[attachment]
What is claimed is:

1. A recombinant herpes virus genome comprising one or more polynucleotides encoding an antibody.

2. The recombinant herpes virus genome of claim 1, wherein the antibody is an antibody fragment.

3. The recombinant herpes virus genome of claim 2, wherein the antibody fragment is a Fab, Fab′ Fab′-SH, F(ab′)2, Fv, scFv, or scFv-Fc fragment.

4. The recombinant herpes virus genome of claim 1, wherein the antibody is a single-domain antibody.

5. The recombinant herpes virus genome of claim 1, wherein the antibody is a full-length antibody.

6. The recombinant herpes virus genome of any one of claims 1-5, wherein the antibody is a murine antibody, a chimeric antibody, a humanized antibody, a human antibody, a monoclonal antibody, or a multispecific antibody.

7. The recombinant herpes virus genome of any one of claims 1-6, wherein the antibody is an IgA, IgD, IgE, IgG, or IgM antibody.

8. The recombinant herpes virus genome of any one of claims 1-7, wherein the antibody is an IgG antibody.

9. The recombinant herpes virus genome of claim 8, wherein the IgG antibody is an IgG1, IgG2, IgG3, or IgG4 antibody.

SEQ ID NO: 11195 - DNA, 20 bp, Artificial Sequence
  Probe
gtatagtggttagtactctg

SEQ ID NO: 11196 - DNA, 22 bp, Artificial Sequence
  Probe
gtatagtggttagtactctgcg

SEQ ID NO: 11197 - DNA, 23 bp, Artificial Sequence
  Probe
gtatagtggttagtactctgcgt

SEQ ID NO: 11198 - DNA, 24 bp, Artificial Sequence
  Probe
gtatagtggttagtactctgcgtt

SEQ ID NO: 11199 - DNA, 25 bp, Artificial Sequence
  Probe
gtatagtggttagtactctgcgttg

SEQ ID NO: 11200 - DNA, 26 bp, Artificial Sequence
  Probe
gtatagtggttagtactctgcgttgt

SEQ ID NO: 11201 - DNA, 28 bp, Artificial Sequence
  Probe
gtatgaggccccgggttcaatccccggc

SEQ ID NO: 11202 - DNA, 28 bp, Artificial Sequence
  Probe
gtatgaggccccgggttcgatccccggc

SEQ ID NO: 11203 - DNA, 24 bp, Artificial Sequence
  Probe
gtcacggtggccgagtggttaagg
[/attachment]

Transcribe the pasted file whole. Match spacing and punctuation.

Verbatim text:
What is claimed is:

1. A recombinant herpes virus genome comprising one or more polynucleotides encoding an antibody.

2. The recombinant herpes virus genome of claim 1, wherein the antibody is an antibody fragment.

3. The recombinant herpes virus genome of claim 2, wherein the antibody fragment is a Fab, Fab′ Fab′-SH, F(ab′)2, Fv, scFv, or scFv-Fc fragment.

4. The recombinant herpes virus genome of claim 1, wherein the antibody is a single-domain antibody.

5. The recombinant herpes virus genome of claim 1, wherein the antibody is a full-length antibody.

6. The recombinant herpes virus genome of any one of claims 1-5, wherein the antibody is a murine antibody, a chimeric antibody, a humanized antibody, a human antibody, a monoclonal antibody, or a multispecific antibody.

7. The recombinant herpes virus genome of any one of claims 1-6, wherein the antibody is an IgA, IgD, IgE, IgG, or IgM antibody.

8. The recombinant herpes virus genome of any one of claims 1-7, wherein the antibody is an IgG antibody.

9. The recombinant herpes virus genome of claim 8, wherein the IgG antibody is an IgG1, IgG2, IgG3, or IgG4 antibody.

SEQ ID NO: 11195 - DNA, 20 bp, Artificial Sequence
  Probe
gtatagtggttagtactctg

SEQ ID NO: 11196 - DNA, 22 bp, Artificial Sequence
  Probe
gtatagtggttagtactctgcg

SEQ ID NO: 11197 - DNA, 23 bp, Artificial Sequence
  Probe
gtatagtggttagtactctgcgt

SEQ ID NO: 11198 - DNA, 24 bp, Artificial Sequence
  Probe
gtatagtggttagtactctgcgtt

SEQ ID NO: 11199 - DNA, 25 bp, Artificial Sequence
  Probe
gtatagtggttagtactctgcgttg

SEQ ID NO: 11200 - DNA, 26 bp, Artificial Sequence
  Probe
gtatagtggttagtactctgcgttgt

SEQ ID NO: 11201 - DNA, 28 bp, Artificial Sequence
  Probe
gtatgaggccccgggttcaatccccggc

SEQ ID NO: 11202 - DNA, 28 bp, Artificial Sequence
  Probe
gtatgaggccccgggttcgatccccggc

SEQ ID NO: 11203 - DNA, 24 bp, Artificial Sequence
  Probe
gtcacggtggccgagtggttaagg